This means that an equilibrium of the type we are looking for (i.e. where p > 0) satisfies max{ VH -- 7, VL} = Vu - 7, a result which has been used, incidentally, in the eontruction of (3) and (4). An equilibrium is a combination (VM, Vr~, VL, p, .62)that satisfies (1) through (5). In any equilibrium where p = 1 it has to be the case that s = 1, because when all the output is of high quality a buyer knows that what she is being offered is not a lemon, even when she cannot verify it directly. Furthermore, ~ = 0 rules out p < 1, because it could not be the case that some agents find it beneficial to produce low quality (which they could never sell when ~ = 0). From these arguments it follows that there are only three possible types of non-degenerate monetary equilibria in this economy: A) p = 1, ~ = 1; B) pE(0, 1), ,(2--- 1; and C) p~(0, 1), .O~(0, 1). Equilibrium A, in which no lemons are ever produced, is equivalent to the pure monetary equilibrium in a version of Kiyotaki-Wright (1993) with barter ruled out. In it, imperfect information is irrelevant. To verify the circumstances under which this equilibrium exists notice first that condition (4) is automatically satisfied by ,(2= 1 when p = 1. The only existence condition then is (5), V~ - 7 > VL. It holds if and only if (r + m)(1 + r)7 0 > 0~ = M [ ( 1 - M)u + (r + M)7]"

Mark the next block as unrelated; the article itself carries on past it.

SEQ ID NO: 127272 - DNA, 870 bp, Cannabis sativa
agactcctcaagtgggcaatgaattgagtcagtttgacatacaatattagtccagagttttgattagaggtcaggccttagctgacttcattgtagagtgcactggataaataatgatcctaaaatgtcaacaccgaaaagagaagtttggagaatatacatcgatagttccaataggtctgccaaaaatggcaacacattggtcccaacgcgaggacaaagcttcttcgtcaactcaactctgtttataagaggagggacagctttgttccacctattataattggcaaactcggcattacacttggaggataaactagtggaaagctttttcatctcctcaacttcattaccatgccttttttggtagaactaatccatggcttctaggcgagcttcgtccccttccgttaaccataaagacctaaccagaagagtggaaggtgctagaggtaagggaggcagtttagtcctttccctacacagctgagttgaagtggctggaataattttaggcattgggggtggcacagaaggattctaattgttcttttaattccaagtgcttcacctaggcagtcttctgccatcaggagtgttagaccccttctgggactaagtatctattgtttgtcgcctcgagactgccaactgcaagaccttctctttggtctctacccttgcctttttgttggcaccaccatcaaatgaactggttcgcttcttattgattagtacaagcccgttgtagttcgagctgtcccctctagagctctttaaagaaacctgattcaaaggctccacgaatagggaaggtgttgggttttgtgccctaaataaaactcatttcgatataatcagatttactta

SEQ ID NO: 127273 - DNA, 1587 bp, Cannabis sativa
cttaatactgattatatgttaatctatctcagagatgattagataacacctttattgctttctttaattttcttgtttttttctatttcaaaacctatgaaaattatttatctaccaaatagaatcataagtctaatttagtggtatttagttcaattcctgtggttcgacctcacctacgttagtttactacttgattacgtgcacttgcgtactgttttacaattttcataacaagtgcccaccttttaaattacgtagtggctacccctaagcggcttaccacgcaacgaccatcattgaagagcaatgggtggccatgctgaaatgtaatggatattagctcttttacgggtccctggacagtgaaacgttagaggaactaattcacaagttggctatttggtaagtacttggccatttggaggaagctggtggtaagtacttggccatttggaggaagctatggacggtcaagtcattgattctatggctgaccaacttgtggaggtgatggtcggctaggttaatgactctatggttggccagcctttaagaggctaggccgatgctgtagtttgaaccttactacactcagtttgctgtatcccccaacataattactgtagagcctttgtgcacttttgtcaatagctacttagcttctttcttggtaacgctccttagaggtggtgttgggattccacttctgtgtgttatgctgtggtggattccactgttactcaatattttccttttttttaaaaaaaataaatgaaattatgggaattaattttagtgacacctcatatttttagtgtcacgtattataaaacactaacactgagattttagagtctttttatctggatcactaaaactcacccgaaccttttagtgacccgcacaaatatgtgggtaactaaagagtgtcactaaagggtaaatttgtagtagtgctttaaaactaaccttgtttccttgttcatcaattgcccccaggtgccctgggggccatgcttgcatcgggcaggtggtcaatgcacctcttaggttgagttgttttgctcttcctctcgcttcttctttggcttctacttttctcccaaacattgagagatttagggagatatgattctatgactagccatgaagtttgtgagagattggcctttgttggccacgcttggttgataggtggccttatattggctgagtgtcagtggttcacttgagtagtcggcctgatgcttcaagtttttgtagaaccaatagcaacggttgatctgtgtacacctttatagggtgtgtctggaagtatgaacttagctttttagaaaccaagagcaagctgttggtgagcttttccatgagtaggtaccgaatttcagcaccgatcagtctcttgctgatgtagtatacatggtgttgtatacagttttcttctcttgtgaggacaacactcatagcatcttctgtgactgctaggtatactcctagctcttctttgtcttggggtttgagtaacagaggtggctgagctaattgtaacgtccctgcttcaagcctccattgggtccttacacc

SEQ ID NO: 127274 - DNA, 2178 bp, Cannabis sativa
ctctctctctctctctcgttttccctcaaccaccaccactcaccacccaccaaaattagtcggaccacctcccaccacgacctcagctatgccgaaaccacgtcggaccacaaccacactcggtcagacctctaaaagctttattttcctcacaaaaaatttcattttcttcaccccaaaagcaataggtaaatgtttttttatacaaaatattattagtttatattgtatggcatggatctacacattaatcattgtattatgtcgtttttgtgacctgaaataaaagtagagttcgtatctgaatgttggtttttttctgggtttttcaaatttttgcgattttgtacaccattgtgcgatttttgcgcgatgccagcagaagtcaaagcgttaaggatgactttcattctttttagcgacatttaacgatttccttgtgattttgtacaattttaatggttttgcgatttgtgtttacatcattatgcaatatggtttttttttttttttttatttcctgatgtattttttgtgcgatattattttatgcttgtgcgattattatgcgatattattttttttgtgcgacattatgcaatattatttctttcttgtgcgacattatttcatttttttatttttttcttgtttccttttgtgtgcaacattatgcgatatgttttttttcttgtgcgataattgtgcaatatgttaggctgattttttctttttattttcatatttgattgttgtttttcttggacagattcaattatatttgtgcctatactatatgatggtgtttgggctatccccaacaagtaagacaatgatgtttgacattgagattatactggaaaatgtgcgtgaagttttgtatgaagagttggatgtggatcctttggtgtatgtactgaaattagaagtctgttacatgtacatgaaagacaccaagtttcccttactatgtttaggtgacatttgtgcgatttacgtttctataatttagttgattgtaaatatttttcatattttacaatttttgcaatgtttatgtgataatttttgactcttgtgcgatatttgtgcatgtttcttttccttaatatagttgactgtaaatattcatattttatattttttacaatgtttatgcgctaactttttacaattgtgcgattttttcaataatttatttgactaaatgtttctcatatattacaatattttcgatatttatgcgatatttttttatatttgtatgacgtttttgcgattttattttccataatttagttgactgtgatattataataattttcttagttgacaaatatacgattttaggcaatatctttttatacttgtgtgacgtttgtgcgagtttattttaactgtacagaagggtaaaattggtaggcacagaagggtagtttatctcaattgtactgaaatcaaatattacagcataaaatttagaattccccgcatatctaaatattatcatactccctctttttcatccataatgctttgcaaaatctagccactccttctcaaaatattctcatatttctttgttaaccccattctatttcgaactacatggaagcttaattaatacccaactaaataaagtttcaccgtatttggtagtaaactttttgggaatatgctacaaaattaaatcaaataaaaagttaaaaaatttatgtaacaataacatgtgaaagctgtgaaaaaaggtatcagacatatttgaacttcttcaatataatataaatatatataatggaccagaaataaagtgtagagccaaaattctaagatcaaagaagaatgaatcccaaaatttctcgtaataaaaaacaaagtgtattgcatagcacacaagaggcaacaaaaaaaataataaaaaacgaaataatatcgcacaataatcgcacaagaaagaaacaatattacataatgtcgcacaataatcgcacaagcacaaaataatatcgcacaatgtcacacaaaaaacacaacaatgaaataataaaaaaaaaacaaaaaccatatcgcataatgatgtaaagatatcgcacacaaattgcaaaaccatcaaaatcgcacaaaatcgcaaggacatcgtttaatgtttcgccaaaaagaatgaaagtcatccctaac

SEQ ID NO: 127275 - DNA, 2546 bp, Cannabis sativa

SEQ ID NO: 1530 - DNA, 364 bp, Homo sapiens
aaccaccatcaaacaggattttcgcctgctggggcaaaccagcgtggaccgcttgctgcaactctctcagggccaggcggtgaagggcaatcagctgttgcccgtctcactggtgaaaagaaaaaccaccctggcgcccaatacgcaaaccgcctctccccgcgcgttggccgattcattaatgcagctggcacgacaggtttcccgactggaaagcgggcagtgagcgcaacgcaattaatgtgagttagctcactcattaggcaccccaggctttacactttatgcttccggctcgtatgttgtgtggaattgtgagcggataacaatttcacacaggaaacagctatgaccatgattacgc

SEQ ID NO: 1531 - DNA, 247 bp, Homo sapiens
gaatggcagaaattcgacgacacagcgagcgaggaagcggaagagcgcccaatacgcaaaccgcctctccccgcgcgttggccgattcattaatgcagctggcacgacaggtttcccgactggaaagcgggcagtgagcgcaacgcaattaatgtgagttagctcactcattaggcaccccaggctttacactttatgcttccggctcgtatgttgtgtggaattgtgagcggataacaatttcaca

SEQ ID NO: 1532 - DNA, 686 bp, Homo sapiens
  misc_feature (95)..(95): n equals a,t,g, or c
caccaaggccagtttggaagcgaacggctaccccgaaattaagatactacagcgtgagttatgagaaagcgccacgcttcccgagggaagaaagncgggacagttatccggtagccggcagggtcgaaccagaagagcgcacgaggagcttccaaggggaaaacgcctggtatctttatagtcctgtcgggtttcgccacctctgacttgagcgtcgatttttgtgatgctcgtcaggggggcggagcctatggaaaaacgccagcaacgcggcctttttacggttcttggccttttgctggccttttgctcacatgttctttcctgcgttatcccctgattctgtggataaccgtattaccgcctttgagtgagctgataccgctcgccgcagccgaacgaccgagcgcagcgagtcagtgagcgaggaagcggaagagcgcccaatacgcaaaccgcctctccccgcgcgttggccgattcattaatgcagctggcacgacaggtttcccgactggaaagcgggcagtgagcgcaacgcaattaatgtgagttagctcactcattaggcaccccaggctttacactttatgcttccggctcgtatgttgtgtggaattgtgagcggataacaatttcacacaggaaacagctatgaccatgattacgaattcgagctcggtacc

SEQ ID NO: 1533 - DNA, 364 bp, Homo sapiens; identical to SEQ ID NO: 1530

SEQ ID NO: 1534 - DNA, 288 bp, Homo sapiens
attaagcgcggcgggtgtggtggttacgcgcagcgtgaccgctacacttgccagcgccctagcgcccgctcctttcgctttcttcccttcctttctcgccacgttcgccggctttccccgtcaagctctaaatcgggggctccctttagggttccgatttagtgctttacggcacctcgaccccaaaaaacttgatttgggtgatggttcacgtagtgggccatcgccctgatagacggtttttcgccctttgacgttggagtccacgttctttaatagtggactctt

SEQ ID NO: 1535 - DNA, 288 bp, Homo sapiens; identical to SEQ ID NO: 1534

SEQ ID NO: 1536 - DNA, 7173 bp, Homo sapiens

(6)

In equilibrium B, producing either quality of the consumption good is equally profitable, and some lemons show up in the market, yet these are sufficiently scarce that no buyer walks away from a good that she cannot identify. Substituting E2 = 1 in the value functions, and solving for p given that equilibrium condition (5) is satisfied with equality, yields: (M + r)(l + r - 0)7 P : P~ ~- (1 - M)OEMu -- (M + r)7 ]"